Cortez the Conquistador

By Alex Kozora
November 15, 2011

You know Dasher and Dancer, Prancer and Vixen.

You know Ike Taylor and James Farrior.

But do you recall the most underrated Steeler of them all?

Ok, too soon for the Christmas references? Allow me to get to my point.

Rookie Cortez Allen is not playing like a rookie "should" in this Dick LeBeau defense. And that is definitely a good thing. When the 4th rounder was selected, draftniks had to scramble for information on him. The Citadel? Sounds more like a name for the new coffee shop in the mall than a military school.

It seemed that even Carnell Lake thought Allen would be a work in progress, stating in his conference call that Allen's military obligations took a lot of time away from the football field. Try asking your drill sergeant if you can take off early for extra film study. The odds of that happening are about the same as me being able to outrun Mike Wallace in the 40.

So, watch for a year, learn LeBeau's playbook, and maybe get some time on special teams late in the year if you're lucky. Right?

Don't tell Cortez Allen that.

Just halfway through his first season, he is a starting gunner on punts and a starter on kick coverage along with getting a lot of action on defense, seeing the field in dime packages. One of his first assignments? Taking on Patriots tight end Rob Gronkowski. Did I mention Gronk is 6'7" 250? Don't see those guys at the FCS level.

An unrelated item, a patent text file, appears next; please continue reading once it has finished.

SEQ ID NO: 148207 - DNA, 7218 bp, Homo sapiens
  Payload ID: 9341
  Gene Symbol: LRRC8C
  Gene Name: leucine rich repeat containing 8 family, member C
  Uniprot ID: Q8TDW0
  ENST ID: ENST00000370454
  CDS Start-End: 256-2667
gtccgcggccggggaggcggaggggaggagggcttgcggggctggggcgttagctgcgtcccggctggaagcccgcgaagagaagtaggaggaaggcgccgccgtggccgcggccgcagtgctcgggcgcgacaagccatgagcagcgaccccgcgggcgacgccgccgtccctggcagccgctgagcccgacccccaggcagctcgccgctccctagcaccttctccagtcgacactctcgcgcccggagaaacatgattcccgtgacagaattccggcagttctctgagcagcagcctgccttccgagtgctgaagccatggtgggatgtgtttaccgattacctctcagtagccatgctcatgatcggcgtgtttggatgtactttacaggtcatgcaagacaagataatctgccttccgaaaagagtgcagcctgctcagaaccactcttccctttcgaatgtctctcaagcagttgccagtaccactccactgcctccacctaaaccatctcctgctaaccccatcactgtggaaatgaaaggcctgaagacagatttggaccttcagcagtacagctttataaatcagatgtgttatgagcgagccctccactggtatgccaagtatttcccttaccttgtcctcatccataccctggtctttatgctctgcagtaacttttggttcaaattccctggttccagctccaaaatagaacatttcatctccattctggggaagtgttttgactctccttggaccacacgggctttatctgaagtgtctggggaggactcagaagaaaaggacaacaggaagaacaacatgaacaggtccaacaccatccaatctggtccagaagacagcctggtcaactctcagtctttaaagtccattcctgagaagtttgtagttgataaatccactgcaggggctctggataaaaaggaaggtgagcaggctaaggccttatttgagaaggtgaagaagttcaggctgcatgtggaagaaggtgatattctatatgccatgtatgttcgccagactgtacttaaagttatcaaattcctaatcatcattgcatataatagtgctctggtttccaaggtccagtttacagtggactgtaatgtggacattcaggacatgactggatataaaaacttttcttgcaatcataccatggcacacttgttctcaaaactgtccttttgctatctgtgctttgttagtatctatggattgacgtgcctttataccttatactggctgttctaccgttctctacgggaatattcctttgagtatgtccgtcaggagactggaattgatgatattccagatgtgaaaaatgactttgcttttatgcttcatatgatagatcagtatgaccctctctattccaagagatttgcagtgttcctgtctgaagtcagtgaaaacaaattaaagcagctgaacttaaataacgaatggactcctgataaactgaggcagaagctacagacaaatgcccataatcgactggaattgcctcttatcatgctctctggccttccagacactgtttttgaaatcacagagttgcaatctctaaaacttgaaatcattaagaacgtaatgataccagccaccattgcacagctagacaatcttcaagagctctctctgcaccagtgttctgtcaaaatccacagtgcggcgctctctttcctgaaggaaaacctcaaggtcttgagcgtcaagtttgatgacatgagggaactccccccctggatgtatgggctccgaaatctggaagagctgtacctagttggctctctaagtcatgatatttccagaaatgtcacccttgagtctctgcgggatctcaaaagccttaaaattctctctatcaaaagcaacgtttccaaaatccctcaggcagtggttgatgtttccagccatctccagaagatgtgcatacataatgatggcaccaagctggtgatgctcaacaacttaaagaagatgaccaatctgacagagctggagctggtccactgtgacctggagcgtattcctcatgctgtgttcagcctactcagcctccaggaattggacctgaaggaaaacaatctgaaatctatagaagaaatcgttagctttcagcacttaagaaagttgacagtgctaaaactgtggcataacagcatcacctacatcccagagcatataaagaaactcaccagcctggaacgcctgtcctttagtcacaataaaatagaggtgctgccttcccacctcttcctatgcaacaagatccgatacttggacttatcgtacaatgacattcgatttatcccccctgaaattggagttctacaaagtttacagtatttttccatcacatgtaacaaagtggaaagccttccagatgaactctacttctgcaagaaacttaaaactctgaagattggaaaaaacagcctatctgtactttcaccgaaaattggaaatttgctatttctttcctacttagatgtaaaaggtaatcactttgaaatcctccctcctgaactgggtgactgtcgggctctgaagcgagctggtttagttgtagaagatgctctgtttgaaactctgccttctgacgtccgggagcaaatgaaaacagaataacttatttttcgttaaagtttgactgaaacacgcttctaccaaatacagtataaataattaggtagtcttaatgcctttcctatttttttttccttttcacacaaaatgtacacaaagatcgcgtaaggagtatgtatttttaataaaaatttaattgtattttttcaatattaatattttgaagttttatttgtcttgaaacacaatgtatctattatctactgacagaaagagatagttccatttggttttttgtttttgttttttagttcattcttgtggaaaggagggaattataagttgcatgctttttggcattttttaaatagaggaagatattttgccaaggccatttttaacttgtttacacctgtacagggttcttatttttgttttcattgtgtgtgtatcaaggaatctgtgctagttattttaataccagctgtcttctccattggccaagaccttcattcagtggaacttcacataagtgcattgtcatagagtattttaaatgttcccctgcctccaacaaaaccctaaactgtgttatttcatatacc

Allen took on the challenge, forcing two incompletions and a solid tackle on third down, leaving Gronkowski one yard short of the marker. If you can't tackle in a Dick LeBeau defense, you'll find yourself on the fast track to the unemployment line. That isn't an area of concern for Allen. The Steelers' secondary, thought to be the biggest area of concern coming into the year, now has four solid contributors at cornerback.

He's been even better on special teams and even if it won't always show up on the scoreboard, Mike Tomlin, Al Everest, and the rest of the coaching staff have surely taken notice. On kick coverage against Cincinnati, he correctly stayed in his lane and forced return man Brandon Tate to the inside, allowing Bryant McFadden to make the tackle.

Seems easy enough, but how many times in the past have we seen 60,000 Steelers fans groaning after watching a breakdown on special teams? Kick coverage has been solid this season and part of the credit goes to players like Allen.

Previous selections at cornerback (I’m looking at you, Joe Burnett) have turned out to be nothing more than lumps of coal. It may be early, but Allen has all the makings of being a gift.

By the time Christmas is here, you'll know his name.

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